This vaccine was introduced in Nigeria in 2016 and protects against respiratory diseases. Streptococcus pneumoniae bacteria is the leading cause of pneumococcal-related diseases and death in children under five years. PCV boosts children’s immunity, lowering their risk of bacterial meningitis, pneumonia, and sepsis. This intramuscular injection is usually given at 6, 10, and 14 weeks.
This oral vaccine protects against rotavirus, a common cause of severe diarrhoea and sickness. It boosts the body’s immunity against rotavirus-induced diarrhoea, vomiting, and fever. Infants who have not received the rotavirus vaccine are more vulnerable to gastroenteritis. Gastroenteritis often leads to dehydration, malnutrition, and death. The rotavirus vaccine is administered to children in two doses before 15 weeks – at 6, 10, and 14 weeks.
MMR is a single vaccine that protects against three viral and deadly infections. Measles is a contagious infection that causes fever, rash, and respiratory problems. Mumps causes fever, pain, and swelling of the salivary glands. Rubella (German measles) is characterised by fever, inflammation, and joint pain. Without this, children are at a higher risk of blindness, deafness and encephalitis (brain swelling). This intramuscular injection is administered in two doses, at 9 and 15 months.
MC vaccine is commonly used in the Sub-African meningitis belt, which has the highest disease rates. The Neisseria meningitides group A bacteria cause meningococcal infections. They result in the membranes surrounding the brain and spinal cord inflammation. Brain damage, hearing loss, and seizures are meningitis-related complications. MC vaccine is generally given at nine months.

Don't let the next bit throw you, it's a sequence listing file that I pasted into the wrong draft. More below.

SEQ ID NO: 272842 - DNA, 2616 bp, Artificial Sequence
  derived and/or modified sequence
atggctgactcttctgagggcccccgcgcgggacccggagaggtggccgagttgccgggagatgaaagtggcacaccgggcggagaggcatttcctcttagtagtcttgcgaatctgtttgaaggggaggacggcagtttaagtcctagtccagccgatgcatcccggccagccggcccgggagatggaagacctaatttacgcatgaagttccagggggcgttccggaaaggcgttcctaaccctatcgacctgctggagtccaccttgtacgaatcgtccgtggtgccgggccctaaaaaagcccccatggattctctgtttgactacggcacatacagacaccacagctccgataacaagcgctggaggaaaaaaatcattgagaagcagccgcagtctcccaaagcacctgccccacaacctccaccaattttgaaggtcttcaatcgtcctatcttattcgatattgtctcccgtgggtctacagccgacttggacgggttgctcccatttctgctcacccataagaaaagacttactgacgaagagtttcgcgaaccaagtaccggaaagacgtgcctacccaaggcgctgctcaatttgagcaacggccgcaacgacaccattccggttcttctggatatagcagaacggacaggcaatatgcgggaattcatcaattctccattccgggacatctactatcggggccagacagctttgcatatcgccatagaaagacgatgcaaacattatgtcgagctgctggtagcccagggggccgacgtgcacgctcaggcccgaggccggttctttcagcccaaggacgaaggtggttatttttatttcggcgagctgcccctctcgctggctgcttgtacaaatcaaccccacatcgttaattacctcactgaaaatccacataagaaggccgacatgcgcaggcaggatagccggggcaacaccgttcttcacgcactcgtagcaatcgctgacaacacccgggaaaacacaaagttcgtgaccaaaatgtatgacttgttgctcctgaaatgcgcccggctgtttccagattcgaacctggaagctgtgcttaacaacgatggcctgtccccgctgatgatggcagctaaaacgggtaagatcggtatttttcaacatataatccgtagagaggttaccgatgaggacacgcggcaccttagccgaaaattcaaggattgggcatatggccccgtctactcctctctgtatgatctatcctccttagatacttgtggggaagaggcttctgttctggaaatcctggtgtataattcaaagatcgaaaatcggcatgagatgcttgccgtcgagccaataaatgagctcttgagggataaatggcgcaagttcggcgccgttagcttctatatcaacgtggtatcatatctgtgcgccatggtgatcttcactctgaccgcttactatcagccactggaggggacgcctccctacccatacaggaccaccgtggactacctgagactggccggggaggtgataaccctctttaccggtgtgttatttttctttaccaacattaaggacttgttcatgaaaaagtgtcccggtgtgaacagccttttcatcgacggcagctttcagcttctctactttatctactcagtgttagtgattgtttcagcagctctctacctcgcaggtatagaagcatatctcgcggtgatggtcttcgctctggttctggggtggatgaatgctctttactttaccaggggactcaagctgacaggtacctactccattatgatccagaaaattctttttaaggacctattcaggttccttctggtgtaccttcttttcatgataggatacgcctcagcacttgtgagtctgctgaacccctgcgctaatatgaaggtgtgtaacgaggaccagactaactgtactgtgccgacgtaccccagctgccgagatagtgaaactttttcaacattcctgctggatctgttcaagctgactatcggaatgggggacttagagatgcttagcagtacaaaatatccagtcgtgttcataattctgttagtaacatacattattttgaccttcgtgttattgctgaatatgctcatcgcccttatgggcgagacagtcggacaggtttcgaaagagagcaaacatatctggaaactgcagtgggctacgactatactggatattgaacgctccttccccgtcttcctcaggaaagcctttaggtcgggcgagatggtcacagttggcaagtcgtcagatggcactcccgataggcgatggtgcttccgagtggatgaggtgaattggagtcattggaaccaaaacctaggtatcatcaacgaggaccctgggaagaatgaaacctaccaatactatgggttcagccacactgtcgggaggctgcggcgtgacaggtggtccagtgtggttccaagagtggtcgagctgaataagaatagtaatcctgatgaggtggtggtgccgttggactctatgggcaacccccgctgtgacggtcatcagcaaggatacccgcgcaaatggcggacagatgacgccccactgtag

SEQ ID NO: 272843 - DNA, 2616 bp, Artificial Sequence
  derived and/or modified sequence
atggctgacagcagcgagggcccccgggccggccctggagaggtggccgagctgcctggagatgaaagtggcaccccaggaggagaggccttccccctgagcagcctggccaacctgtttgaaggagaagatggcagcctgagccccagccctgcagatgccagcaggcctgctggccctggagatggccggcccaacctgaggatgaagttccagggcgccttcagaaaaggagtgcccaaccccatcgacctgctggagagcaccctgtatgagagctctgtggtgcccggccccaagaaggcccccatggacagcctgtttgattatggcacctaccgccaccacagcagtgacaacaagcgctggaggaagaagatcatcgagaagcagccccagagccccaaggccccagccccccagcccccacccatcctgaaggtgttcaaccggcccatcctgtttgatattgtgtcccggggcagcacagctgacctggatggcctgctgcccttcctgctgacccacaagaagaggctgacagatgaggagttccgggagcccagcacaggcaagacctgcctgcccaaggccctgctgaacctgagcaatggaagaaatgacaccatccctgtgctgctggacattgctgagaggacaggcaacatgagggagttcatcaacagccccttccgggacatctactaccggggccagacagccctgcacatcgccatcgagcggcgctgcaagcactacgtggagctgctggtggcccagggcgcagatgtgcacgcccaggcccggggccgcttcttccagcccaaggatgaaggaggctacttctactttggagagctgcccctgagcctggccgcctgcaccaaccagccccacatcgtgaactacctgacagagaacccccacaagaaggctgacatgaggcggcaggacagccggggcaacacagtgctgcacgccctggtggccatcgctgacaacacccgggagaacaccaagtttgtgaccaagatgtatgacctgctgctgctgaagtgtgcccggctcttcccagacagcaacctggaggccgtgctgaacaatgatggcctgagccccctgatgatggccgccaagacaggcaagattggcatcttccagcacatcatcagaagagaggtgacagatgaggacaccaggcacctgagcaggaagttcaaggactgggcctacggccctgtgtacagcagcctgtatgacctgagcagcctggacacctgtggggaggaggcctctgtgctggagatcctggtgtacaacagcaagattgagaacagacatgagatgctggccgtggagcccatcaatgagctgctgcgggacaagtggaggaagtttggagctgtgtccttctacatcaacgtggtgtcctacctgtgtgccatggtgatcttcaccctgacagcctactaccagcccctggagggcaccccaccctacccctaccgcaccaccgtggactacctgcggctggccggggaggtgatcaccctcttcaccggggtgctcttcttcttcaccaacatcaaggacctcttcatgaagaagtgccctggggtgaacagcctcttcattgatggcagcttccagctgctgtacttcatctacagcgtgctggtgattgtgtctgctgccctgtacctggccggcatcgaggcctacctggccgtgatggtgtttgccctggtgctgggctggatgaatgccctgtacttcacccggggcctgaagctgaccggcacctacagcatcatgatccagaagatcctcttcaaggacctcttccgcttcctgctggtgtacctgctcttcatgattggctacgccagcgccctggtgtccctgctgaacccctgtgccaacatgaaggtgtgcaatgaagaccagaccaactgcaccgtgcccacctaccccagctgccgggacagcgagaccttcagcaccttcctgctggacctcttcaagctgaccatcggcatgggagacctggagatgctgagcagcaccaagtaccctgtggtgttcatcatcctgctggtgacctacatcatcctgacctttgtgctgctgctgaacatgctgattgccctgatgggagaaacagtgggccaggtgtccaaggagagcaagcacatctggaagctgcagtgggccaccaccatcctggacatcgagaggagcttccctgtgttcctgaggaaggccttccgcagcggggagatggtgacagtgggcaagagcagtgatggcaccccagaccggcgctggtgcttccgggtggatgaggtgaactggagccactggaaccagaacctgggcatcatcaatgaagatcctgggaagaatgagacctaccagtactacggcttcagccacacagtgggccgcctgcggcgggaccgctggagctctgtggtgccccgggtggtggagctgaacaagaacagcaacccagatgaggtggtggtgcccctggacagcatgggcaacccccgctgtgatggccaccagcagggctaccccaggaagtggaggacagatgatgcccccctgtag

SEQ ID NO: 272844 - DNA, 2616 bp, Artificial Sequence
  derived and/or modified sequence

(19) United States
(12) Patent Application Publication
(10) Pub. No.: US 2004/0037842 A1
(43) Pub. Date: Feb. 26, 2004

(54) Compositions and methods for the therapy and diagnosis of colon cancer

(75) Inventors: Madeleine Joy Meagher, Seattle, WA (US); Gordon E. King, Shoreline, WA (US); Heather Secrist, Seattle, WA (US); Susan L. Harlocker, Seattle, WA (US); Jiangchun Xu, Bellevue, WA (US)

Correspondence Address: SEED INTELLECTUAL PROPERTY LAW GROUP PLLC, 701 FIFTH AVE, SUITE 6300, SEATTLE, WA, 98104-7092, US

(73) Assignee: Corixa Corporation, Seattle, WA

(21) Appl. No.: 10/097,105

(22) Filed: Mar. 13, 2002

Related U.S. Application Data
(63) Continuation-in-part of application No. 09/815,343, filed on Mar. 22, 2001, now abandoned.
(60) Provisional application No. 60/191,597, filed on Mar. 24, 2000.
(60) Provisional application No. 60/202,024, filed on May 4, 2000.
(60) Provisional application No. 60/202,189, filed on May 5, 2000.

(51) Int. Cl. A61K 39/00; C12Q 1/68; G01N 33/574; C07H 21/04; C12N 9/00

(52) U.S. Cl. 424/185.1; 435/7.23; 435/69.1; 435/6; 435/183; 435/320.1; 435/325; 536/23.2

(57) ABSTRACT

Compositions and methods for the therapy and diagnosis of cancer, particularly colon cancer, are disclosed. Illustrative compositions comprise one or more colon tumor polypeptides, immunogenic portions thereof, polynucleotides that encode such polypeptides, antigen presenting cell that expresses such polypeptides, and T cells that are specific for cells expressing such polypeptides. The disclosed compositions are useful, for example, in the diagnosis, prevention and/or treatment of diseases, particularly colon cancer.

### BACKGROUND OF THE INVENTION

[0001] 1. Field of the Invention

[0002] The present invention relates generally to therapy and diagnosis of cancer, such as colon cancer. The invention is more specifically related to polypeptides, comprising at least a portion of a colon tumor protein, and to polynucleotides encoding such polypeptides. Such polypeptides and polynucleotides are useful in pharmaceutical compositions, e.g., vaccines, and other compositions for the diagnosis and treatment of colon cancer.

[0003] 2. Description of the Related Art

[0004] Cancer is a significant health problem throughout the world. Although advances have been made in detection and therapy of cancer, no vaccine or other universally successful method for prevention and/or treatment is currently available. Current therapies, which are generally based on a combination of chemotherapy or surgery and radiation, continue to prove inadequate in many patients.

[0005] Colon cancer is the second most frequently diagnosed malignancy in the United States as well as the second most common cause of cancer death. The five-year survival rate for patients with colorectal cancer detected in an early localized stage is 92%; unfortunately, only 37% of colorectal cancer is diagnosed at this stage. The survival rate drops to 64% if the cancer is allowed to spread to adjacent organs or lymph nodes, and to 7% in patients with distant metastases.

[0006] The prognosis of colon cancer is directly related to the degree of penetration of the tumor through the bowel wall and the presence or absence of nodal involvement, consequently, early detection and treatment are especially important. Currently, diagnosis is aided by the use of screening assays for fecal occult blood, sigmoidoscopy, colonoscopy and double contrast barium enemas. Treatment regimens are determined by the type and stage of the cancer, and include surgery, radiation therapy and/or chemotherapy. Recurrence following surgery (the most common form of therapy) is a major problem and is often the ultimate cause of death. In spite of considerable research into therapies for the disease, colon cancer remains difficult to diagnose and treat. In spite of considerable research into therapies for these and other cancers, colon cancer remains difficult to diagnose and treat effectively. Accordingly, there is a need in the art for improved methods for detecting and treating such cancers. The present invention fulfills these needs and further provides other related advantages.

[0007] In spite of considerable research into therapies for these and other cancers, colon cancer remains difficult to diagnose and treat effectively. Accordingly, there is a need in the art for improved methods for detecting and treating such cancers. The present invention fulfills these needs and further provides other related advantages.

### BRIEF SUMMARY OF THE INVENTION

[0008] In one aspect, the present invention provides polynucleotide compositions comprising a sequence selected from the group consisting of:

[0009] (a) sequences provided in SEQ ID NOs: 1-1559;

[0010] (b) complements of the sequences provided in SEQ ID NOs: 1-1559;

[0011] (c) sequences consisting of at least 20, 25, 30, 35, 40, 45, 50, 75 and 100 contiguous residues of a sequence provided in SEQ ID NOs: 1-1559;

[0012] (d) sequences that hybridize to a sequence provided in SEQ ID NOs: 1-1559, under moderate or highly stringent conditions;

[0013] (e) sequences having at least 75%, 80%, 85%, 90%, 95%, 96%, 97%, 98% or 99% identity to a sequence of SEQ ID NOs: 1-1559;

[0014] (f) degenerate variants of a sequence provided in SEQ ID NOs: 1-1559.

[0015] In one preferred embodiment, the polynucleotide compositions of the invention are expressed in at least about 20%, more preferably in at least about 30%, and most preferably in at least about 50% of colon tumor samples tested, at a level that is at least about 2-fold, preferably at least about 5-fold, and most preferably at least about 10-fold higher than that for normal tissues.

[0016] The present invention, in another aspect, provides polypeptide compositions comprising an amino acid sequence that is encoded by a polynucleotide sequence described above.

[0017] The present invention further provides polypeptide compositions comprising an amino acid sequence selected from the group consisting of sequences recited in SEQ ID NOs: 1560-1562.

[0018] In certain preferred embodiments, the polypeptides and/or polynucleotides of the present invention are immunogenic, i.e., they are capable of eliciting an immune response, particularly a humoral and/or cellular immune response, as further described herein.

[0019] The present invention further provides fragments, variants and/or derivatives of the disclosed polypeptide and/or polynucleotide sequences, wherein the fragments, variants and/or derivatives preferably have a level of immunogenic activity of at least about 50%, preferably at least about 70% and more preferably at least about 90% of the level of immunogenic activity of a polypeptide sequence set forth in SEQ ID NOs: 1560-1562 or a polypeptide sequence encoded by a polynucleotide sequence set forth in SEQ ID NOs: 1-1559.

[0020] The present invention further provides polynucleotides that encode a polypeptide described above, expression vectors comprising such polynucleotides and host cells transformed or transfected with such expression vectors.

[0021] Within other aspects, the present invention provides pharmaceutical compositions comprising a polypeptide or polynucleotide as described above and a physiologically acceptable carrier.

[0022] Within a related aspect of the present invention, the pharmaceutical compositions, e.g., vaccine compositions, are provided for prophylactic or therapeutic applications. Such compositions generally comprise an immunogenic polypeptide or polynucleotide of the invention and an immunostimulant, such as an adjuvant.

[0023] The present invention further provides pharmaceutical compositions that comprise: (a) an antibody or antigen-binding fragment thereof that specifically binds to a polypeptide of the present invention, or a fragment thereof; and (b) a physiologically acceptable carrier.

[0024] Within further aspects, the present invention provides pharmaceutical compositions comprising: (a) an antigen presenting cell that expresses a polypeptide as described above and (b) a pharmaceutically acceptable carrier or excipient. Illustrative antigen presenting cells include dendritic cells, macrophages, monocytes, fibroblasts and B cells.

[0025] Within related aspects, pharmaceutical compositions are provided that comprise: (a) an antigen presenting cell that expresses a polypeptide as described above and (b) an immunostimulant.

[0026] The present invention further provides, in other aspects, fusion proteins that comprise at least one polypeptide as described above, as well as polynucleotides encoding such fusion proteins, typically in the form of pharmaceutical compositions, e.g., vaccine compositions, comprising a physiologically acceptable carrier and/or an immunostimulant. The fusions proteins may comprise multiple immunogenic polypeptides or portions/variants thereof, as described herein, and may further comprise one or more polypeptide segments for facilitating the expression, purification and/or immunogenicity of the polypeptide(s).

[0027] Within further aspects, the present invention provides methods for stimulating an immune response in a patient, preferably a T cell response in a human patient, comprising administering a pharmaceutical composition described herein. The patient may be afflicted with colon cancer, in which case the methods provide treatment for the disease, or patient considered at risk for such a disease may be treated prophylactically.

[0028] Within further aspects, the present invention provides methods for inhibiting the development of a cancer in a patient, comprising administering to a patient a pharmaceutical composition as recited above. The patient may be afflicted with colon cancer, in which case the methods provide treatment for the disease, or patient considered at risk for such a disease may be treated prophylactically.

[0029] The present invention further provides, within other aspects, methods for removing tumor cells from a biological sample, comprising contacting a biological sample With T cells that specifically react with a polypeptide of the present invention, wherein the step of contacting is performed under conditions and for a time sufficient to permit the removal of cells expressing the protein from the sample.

The Chickenpox vaccination protects the body against the varicella-zoster virus (VZV). It causes chickenpox-like diseases characterised by fever, redness, and itching. Pneumonia, encephalitis and other bacterial illnesses may arise from chickenpox. This vaccination aids in the development of immunity to the varicella-zoster virus. Medical professionals recommend it for all children aged 12 to 15 months. Children above 13 years who do not have chickenpox or the vaccine should receive two doses within 4 to 6 weeks.
This vaccination provides a defence against yellow fever. Yellow fever is a significant public health issue in Sub-Saharan Africa. It is an infection caused by a flavivirus and transmitted by Aedes mosquitoes. Fever, jaundice, dark urine and bleeding are symptoms of yellow fever. Displaced and street children are at increased risk of high mortality rates. This vaccine is usually given to children at nine months.
Oral supplements like Vitamin A vaccine are included in the immunisation schedule for children and administered at 6 and 12 months. Vitamin A deficiency increases the risk of delayed cognitive development and eye inflammation.
Adults may be less likely to contract infections but contribute to the spread of infectious illness. Children and people with underlying health conditions are at high risk of contacting them. Consequently, immunisation for adults must be encouraged to improve public health. Adults in Nigeria should get the following routine vaccinations if they haven’t: